Forming and switching mechanisms of a cation-migration-based oxide resistive memory.
ABSTRACT We report detailed current-voltage and current-time measurements to reveal the forming and switching behaviors of Cu/Ta(2)O(5)/Pt nonvolatile resistive memory devices. The devices can be initially SET (from the OFF state to the ON state) when a low positive bias voltage is applied to the Cu electrode. This first SET operation corresponds to the first formation of a metal filament by inhomogeneous nucleation and subsequent growth of Cu on the Pt electrode, based on the migration of Cu ions in the stable Ta(2)O(5) matrix. After the forming, the device exhibits bipolar switching behavior (SET at positive bias and RESET (from the ON state to the OFF state) at negative bias) with increasing the ON resistance from a few hundred Ω to a few kΩ. From the measurements of the temperature stability of the ON states, we concluded that the RESET process consists of the Joule-heating-assisted oxidation of Cu atoms at the thinnest part of the metal filament followed by diffusion and drift of the Cu ions under their own concentration gradient and the applied electric field, disconnecting the metal filament. With ON resistances of the order of a few kΩ, the SET and RESET operations are repeated by the inhomogeneous nucleation and the Joule-heating-assisted dissolution of a small filament on a remaining filament. This switching model is applicable to the operation of cation-migration-based resistive memories using other oxide materials.
Advances in Condensed Matter Physics 01/2015; 2015:1-8. DOI:10.1155/2015/136938 · 1.01 Impact Factor
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ABSTRACT: Resistive random access memories (ReRAMs) are promising next-generation memory devices. Observation of the conductive filaments formed in ReRAMs is essential in understanding their operating mechanisms and their expected ultimate performance. Finding the position of the conductive filament is the key process in the preparation of samples for cross-sectional transmission electron microscopy (TEM) imaging. Here, we propose a method for locating the position of conductive filaments hidden under top electrodes. Atomic force microscopy imaging with a conductive tip detects the current flowing through a conductive filament from the bottom electrode, which reaches its maximum at a position that is above the conductive filament. This is achieved by properly biasing a top electrode, a bottom electrode and the conductive tip. This technique was applied to Cu/Ta2O5/Pt atomic switches, revealing the formation of a single Cu filament in a device, although the device had a large area of 5 × 5 μm(2). Change in filament size was clearly observed depending on the compliance current used in the set process. It was also found from the TEM observation that the cross-sectional shape of the formed filament varies considerably, which is attributable to different Cu nuclei growth mechanisms.Nanotechnology 03/2015; 26(14):145702. DOI:10.1088/0957-4484/26/14/145702 · 3.67 Impact Factor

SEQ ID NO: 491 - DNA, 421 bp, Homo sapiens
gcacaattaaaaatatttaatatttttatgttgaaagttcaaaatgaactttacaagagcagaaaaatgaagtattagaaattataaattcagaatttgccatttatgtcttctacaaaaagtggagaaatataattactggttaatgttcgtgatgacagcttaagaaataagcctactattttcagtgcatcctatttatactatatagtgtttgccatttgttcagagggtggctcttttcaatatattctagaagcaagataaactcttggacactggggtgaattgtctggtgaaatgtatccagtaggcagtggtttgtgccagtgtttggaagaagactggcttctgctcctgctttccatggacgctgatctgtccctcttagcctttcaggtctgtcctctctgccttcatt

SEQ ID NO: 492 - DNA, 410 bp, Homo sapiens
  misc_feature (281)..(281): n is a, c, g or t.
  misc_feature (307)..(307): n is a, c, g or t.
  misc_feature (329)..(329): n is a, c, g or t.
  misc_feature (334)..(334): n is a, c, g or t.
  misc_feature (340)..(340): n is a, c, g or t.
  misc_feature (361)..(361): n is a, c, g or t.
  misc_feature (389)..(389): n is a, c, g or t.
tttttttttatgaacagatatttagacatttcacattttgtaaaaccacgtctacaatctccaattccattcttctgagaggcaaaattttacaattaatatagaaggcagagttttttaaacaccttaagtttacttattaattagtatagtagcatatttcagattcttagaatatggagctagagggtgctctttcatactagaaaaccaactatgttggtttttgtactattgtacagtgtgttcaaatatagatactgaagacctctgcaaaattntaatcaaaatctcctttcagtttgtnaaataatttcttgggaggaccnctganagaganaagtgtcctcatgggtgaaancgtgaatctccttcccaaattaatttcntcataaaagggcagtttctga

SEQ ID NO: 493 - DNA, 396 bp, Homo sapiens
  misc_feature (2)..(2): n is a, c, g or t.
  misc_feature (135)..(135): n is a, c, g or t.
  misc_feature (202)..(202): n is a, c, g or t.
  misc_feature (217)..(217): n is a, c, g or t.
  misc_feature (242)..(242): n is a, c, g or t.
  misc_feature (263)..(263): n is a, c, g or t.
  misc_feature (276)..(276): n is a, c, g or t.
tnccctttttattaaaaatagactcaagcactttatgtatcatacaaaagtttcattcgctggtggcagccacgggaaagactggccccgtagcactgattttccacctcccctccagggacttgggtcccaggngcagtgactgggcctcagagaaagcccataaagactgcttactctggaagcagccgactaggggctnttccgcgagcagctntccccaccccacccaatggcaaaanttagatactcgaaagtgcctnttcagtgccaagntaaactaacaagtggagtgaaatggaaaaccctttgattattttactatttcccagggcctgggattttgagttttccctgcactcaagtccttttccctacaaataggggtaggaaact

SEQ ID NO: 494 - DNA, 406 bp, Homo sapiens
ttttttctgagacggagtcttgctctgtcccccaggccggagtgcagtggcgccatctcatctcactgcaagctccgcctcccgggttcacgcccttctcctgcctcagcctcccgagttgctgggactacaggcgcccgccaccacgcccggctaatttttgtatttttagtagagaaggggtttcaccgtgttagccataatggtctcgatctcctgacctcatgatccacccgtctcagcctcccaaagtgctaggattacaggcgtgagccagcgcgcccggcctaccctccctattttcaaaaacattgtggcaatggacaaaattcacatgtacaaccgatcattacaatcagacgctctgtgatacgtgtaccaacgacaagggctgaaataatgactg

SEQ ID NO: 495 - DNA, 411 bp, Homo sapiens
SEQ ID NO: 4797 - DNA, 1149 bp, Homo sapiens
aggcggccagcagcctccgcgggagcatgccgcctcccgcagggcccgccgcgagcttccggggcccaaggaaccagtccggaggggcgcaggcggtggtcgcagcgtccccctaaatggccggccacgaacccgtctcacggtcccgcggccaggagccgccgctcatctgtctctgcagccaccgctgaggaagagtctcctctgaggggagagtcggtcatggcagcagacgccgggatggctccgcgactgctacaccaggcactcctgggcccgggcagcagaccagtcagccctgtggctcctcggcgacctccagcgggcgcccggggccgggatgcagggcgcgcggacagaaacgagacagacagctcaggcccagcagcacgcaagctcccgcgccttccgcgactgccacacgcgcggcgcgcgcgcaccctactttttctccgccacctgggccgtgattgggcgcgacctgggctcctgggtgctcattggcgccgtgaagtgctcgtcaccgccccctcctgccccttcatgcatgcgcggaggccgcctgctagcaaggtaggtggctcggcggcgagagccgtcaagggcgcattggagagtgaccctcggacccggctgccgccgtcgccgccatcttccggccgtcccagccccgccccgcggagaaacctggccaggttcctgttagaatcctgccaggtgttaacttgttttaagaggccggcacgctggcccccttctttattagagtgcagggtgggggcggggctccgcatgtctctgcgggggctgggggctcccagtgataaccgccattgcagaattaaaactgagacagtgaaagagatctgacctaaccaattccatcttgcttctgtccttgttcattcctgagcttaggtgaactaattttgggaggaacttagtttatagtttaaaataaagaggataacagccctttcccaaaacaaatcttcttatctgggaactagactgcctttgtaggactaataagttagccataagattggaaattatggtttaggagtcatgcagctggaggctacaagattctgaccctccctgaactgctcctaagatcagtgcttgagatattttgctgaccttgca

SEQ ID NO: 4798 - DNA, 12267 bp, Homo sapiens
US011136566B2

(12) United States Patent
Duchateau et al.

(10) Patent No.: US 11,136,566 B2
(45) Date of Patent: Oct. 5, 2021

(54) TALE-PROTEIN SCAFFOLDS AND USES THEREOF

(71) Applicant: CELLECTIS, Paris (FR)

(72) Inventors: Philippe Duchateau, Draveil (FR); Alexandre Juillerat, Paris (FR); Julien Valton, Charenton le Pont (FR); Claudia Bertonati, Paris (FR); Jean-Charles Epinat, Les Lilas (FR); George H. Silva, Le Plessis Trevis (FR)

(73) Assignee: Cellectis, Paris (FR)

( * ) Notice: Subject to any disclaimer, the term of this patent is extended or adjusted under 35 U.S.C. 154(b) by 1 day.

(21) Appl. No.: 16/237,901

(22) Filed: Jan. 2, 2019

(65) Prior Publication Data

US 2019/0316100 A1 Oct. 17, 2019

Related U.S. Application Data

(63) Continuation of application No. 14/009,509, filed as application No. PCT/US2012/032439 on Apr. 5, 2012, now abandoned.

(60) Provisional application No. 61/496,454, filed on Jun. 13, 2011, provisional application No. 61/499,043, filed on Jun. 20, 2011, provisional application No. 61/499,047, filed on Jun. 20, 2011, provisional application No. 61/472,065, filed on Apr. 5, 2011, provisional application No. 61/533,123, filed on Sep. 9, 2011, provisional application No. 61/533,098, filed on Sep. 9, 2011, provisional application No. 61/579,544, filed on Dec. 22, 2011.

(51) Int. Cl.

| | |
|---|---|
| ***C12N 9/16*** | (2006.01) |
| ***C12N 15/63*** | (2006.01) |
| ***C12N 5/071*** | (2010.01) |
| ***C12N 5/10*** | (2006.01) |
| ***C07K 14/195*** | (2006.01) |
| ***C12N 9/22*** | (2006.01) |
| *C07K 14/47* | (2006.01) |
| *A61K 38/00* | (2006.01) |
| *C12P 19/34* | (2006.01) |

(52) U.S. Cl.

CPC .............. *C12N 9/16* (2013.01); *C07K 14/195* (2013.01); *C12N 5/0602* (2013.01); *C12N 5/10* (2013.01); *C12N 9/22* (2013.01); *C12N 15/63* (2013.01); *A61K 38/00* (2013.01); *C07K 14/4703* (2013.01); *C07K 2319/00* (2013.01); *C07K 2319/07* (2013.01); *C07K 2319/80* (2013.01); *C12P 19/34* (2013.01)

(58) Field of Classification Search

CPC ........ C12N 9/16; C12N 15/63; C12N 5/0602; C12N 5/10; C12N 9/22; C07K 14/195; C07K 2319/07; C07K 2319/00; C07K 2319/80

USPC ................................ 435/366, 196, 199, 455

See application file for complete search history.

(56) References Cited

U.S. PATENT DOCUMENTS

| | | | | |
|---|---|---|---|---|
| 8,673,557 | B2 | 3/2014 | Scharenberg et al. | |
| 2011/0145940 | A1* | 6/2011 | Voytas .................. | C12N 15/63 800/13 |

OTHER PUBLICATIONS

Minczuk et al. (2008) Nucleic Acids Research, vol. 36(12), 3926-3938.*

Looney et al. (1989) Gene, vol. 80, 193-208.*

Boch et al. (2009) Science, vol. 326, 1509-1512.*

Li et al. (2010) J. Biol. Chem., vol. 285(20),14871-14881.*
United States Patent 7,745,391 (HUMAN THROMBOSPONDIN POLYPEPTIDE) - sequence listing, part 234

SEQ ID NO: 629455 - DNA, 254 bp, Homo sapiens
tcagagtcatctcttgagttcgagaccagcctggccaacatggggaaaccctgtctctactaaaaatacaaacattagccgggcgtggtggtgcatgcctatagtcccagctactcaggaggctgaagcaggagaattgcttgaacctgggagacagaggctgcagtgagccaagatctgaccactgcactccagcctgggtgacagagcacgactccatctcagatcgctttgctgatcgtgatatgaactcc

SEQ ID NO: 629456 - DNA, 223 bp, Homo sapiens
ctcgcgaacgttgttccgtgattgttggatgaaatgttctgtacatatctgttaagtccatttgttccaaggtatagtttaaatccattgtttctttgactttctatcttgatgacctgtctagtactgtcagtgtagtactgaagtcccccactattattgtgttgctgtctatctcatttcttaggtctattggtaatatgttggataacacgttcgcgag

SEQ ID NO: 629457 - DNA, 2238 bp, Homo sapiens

Conference Paper: Synaptic plasticity and memristive behavior operated by atomic switches[Show abstract] [Hide abstract]
ABSTRACT: We demonstrate that the resistive switching memory, called an atomic switch, emulates the synaptic plasticity underlying short-term and long-term memory formations in the human brain. The change in conductance of the atomic switch is considered analogous to the change in strength of a biological synapse that varies according to stimulating input pulses. The atomic switch also exhibits conventional memristive behavior in which the output depends on the history of input signal. These observations indicate that the atomic switch has potential for use as an essential building block for neural computing systems.2014 14th International Workshop on Cellular Nanoscale Networks and their Applications (CNNA); 07/2014